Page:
RWANDA - Irish potato farmers could soon start earning more from their produce, thanks to a new wholesale market that was inaugurated in Kigali on Tuesday.
The Minister for Trade and Industry, Francois Kanimba, said the market would address the challenge of exploitation by middlemen in the Irish potato trade and price fluctuations, as well as help streamline the Irish potato business in the country.
Potatoes farmers have always complained that they sell their produce at a lower price compared to the cost of production.
Kanimba also noted that potato trading in Rwanda has been facing two main challenges – a high disparity between the price dealers pay farmers for the produce, and the final price consumers pay for potatoes, especially in Kigali. “This has been a big challenge as we didn’t have an organised potato trading system,” he said.
He said the second challenge was lack of market, especially for season C, where the price would drop to a figure lower than what is invested into the production process.
“This poses challenges to the development of agricultural sector and improving farmers’ welfare in general.
However, this new system with a wholesale market will help to regulate the selling price in line with the produce. In case of a bumper harvest, the price will drop but in a way that it cannot go below the production cost,” Kanimba said.
According to the minister, the Regional Potatoes Trading Limited, a company with 446 shareholders that is involved in potato growing, trading, and transportation, will manage the operations of the Kigali potato wholesale market.
The market, located at Giticyinyoni in Nyarugenge District, will receive potatoes from 120-potato collection centres in Musanze, Burera, Nyabihu and Rubavu districts.
The main challenge facing the wholesale market presently is lack of warehouses.
However, Augustin Ntazinda, the Regional Potatoes Trading board chairperson, said they will invest Rwf6.3 billion in the construction of warehouses and other needed infrastructures (on a 2.5-hectare plot). Construction works will start soon, he added.
The project, collaboration between the Agriculture Ministry, that Trade and Industry, and private sector.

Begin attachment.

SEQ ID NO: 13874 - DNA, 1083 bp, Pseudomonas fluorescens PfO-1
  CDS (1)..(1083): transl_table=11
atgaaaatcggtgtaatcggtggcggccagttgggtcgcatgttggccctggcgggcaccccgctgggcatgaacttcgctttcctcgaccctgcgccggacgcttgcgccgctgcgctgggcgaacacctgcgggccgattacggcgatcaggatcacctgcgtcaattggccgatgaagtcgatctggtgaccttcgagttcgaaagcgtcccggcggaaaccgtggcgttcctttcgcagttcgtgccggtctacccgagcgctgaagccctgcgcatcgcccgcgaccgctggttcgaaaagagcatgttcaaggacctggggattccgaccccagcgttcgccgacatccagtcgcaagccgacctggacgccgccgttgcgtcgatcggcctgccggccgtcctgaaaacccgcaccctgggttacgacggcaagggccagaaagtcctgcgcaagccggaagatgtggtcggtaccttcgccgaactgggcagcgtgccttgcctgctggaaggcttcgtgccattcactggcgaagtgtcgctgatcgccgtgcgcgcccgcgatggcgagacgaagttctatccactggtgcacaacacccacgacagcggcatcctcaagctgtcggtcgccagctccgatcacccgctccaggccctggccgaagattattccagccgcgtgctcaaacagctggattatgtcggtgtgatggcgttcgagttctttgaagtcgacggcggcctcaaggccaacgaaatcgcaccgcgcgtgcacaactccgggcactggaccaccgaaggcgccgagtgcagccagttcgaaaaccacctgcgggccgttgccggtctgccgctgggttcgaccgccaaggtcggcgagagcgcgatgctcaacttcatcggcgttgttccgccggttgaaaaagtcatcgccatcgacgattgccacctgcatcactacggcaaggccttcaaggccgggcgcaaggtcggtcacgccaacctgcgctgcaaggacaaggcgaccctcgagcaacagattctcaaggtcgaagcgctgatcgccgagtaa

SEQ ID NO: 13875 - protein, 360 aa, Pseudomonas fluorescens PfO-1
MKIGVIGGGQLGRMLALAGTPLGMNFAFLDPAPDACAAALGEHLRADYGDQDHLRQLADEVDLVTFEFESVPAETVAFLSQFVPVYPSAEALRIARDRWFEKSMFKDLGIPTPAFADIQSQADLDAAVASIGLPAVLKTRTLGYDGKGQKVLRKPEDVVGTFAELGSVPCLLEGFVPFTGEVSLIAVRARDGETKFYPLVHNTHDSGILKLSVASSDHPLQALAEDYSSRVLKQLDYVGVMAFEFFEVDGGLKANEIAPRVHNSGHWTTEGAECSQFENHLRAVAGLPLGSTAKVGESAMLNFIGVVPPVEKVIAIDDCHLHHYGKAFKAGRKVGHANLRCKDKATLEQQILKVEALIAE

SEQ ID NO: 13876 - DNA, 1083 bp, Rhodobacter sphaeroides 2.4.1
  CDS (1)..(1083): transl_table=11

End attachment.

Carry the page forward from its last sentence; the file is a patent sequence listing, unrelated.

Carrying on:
Speaking at the launch of the market, Tony Nsanganira, the State Minister for Agriculture and Animal Resources, said the facility will boost farmers’ morale and hence raise productivity and increase household incomes of sector players.
“It is also a reflection of the benefits that come with collaboration between the public and private sectors, which the government is championing to realise the second Economic Development and Poverty Reduction Strategy,” Nsanganira said.
Rwanda produces about two million tonnes of potatoes per year.
Nsanganira said it is necessary to increase production and improve the Irish potato trading system so that farmers can understand that the crop is a valuable and profitable crop apart from ensuring their food security.
Irish potatoes are the second staple crop, after bananas. Felicien Semarembo, an Irish potato farmer from Burera District, said the facility would ensure a steady market for produce, which will motivate farmers to increase production.
PSF and the Ministry of Trade and Industry have already signed agreements with farmer co-operatives that will see them support sector stakeholders to improve the entire value and supply chain to increase quality and ensure farmers gain more from the efforts.
Rwanda announced in April that it planned to start exporting Irish potatoes to Zambia and South Sudan to maximise returns.
November 25, 2015; http://www.newtimes.co.rw/section/article/2015-11-19/194517/